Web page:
Part II: Marketing Don’ts & Why They (unfortunately) Work  

by | Jul 11, 2017 | EduSocial Blog, Strategy, Uncategorized | 0 comments

A few weeks ago, I asked my network what marketers do that they find annoying. I was hoping to uncover themes…and I did! I wrote about the first set of responses in the NISM blog post Marketing Don’ts & Why They (unfortunately) Work. But as I wrote the first blog, I realized I wouldn’t be able to cover everything in one post. So here’s part II…covering more ways businesses risk isolating their current and potential customers.

Selling, Selling, Selling

We all have at least one friend on social media who only posts about a product they are selling, don’t we? And often times they are friends or family members and we want to be supportive. But when all we seem to hear about is their work life, we can sometimes be left feeling a little disenchanted.

Is there a version of this that works?

I took a fresh look my connections who post product information often because I know people who balance their brand info and their personal relationships well – I just hadn’t ever really thought about how they do it. The three main themes that emerged were:

Posting genuinely helpful information. Whether they are health coaches, make-up representatives, or a dog grooming professional, I definitely found people within my own network that understood how to be the person everyone wants to know. Even if I don’t hire a weight loss coach, I’ll follow one if they post healthy recipes. I may not have a dog that needs grooming, but if the groomer herself is sharing tips for healthy dog snacks, I’m happy to be connected. Providing beneficial information to your followers – not necessarily anything they need to buy – is one of the best ways I’ve seen to keep an audience engaged. And then when they’re ready to buy, they’ll remember you as the expert.

Living their message all the time. Related to the helpful information posts, I also noticed that a lot of successful business owners/marketers integrate the mission of their business into their everyday lives. The health coach who posts those healthy recipes? She’s also posting updates from local restaurants and tips for great walking trails. They’ve mastered the art of sharing the parts of their lives that align nicely with their mission – and that makes them easy to trust.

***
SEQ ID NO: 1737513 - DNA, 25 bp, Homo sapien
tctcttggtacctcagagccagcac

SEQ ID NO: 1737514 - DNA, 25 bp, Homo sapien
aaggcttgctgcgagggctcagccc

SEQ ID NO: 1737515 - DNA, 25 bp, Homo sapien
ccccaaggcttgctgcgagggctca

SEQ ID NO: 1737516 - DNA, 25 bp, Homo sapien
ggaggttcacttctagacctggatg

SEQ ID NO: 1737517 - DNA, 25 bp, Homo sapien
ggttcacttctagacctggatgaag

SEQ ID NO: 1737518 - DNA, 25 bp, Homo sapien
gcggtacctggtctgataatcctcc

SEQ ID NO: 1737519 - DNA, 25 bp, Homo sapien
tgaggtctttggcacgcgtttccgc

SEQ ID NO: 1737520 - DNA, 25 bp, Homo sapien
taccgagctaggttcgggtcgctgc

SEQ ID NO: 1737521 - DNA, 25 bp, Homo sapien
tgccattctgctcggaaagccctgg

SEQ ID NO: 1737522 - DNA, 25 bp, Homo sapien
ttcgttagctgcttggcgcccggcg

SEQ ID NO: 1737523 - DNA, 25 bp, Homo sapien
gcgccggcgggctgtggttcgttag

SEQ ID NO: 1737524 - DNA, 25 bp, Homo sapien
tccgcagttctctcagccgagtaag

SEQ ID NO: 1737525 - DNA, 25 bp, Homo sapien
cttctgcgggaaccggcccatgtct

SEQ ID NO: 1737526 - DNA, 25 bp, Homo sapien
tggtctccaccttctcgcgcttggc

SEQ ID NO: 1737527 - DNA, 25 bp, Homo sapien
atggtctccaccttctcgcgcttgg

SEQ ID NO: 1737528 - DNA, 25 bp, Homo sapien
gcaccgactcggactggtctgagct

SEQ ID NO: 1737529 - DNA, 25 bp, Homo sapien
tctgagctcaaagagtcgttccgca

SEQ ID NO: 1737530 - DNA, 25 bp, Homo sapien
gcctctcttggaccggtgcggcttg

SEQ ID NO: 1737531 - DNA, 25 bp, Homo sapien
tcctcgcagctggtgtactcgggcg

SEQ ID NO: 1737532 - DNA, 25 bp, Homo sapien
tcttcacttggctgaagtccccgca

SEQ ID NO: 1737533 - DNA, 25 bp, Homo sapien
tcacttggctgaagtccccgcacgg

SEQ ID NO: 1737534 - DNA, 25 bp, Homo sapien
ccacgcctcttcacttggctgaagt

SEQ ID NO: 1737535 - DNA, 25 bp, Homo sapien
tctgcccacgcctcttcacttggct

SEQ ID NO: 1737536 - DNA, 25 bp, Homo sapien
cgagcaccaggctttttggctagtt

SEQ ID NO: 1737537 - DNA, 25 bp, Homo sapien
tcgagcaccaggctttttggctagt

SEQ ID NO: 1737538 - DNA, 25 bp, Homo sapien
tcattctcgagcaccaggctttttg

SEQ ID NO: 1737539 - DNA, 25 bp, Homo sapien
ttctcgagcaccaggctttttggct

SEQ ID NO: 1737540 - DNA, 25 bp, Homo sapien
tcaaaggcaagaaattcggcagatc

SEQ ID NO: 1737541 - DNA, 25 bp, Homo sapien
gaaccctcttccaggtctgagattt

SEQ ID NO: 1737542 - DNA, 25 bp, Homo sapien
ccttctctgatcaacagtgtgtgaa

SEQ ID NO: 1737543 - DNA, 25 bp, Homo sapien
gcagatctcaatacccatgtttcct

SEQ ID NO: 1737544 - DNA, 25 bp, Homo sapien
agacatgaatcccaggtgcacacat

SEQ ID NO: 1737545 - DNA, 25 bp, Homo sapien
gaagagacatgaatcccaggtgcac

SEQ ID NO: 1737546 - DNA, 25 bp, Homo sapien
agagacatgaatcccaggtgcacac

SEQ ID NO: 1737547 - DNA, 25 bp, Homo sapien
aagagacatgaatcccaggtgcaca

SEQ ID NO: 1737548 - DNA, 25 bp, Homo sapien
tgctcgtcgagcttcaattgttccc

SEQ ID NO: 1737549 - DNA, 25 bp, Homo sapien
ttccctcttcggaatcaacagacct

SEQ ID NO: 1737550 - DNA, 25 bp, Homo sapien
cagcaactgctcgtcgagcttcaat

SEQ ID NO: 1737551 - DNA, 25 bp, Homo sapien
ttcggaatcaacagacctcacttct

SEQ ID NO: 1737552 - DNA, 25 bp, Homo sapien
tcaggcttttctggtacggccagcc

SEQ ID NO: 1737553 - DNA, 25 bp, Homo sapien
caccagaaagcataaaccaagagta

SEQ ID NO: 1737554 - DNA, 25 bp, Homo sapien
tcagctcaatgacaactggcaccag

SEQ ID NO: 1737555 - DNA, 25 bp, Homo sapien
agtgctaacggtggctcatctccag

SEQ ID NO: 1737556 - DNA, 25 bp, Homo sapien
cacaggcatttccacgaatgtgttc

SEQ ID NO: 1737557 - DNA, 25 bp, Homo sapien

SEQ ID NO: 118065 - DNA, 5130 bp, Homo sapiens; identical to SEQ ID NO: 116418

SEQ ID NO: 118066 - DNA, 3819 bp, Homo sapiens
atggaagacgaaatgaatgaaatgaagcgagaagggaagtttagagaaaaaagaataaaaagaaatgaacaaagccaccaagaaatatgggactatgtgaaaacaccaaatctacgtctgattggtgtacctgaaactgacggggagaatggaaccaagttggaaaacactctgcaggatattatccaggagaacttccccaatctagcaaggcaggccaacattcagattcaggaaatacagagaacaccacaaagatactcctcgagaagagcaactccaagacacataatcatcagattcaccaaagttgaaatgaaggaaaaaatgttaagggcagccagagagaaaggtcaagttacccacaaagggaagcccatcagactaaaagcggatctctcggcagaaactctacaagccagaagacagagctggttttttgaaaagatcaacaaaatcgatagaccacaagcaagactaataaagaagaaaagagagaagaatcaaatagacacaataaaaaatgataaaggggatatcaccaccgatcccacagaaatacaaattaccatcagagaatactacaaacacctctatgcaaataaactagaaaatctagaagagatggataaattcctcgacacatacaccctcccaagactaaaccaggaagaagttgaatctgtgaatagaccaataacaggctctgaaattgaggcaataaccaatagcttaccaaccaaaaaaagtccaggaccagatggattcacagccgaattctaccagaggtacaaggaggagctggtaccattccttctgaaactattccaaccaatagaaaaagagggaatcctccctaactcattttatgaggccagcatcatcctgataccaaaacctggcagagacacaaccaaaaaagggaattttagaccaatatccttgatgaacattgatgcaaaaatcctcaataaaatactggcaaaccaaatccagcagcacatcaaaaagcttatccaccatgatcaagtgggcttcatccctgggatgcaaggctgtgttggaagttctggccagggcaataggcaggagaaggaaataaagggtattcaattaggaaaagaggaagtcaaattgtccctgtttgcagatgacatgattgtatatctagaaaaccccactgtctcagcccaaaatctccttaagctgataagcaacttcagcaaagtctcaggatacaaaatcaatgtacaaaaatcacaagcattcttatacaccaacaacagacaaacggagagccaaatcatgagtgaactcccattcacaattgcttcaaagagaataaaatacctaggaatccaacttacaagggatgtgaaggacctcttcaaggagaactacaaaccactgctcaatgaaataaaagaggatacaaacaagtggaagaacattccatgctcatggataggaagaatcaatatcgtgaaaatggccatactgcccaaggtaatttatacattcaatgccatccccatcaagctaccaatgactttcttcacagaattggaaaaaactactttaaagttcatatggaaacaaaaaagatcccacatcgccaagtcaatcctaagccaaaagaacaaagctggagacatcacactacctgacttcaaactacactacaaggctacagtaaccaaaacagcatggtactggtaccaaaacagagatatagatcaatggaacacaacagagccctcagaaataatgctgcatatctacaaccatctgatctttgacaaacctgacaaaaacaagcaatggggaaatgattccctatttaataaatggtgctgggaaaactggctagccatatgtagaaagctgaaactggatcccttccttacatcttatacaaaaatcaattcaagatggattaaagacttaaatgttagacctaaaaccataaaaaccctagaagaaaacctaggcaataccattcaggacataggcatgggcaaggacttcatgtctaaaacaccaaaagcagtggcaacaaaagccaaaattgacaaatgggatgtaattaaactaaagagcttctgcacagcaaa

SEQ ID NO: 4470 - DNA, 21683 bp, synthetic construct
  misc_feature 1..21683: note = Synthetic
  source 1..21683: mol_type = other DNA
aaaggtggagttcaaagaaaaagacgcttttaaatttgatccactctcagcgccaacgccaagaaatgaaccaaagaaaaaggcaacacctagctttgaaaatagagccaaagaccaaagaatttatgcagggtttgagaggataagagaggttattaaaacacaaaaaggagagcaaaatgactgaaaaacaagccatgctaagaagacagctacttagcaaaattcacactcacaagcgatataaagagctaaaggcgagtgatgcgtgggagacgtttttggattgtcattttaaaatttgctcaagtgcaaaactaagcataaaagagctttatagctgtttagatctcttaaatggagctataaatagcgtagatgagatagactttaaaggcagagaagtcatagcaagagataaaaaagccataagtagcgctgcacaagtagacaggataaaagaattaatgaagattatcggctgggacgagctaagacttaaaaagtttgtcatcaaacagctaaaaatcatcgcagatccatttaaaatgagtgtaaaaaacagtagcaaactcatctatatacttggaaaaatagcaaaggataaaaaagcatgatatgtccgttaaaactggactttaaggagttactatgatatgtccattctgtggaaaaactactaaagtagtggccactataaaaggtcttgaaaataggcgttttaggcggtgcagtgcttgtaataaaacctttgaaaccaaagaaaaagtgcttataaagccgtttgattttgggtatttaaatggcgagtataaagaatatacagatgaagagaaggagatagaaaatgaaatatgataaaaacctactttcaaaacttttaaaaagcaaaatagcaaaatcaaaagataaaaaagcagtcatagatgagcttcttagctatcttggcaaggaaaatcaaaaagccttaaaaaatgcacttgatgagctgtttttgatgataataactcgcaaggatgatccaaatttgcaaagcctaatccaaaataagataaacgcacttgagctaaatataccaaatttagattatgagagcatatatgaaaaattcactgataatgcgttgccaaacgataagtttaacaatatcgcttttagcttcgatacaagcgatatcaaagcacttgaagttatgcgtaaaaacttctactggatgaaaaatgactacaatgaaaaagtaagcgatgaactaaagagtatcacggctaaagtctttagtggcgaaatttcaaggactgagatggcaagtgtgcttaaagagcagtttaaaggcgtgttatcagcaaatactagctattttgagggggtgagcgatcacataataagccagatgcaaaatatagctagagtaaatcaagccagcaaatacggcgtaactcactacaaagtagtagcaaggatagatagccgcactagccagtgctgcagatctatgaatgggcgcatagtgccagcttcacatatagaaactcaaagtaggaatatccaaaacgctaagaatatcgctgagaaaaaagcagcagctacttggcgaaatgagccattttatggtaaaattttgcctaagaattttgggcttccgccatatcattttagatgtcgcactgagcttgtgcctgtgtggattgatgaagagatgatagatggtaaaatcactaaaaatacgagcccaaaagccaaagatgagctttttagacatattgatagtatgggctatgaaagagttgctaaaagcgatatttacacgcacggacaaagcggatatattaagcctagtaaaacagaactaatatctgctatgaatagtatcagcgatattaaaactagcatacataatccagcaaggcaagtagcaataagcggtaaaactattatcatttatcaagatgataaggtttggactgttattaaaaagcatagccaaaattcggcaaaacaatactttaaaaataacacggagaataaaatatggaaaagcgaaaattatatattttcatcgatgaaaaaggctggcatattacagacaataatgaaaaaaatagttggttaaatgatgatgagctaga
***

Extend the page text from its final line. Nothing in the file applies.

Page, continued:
Using confident and genuine language. Maybe the product is right for you and maybe it isn’t – the confident post isn’t seeking your approval. They just want to make you aware of the opportunity! Their own voice (not a cut-and-paste message) adds to the feeling that it’s a helpful tip – not a desperate plea.

Depending on the product, there are a lot of ways these messages can be done right – which is why they are still so common. But the overarching theme I noticed throughout was that the more genuine people are – in their language, in their life, and in their stories – the more engagement we see online.

Perks for New Customers

I was thrilled when someone brought up perks for new customers and the risk of leaving the loyal customers out in the cold. Have you ever seen a deal “for new customers only” that made you realize your loyalty was costing you money? It happens – and yet, you can’t blame companies for trying to attract new customers, can you?

To stay relevant, you have to maintain a funnel of new customers. The businesses who do this well have one thing figured out: Provide a great deal for your new customers, but don’t ever let it exceed the value your loyal customers experience. Even something as simple as attending an event at a member price one time (limited availability) can reinforce the message that your members come first.

What can we do with this information?

One thing I learned from asking my network about marketing techniques that bothered them was that – through social media especially – we have incredible access to smart and talented people who will help us market more effectively…if we take the time to ask. In addition to the tips shared in the first post, I’d recommend every business owner and marketer

  • Remember the value of being your authentic self. You’d be surprised how many people will respond to you just “being you.”
  • Go after new customers, but remember to appreciate the customers who are already supporting you. After all, if you lose loyal customers because you’re gaining new ones, you’ll never get ahead.
  • Remember who you’re talking to – and avoid the temptation of applying the same techniques to reach different audiences.

What else works for you? We’d love for you to share your thoughts in the comments!


Author: Dr. Amy Jauman

Dr. Amy Jauman, SMS, is the Chief Learning Officer at the National Institute for Social Media and author of the Comprehensive Field Guide for Social Media Strategists. Amy is also one of 58 members representing 12 countries in the inaugural class of the Prezi Educator Society. Previously she was the Social Media Director for Women Entrepreneurs of Minnesota (WeMN) and she currently serves as the marketing director for the Minnesota Chapter of the National Speakers Association. She is also an adjunct professor in the St. Catherine University Business Department and the St. Mary’s University of Minnesota MBA program.


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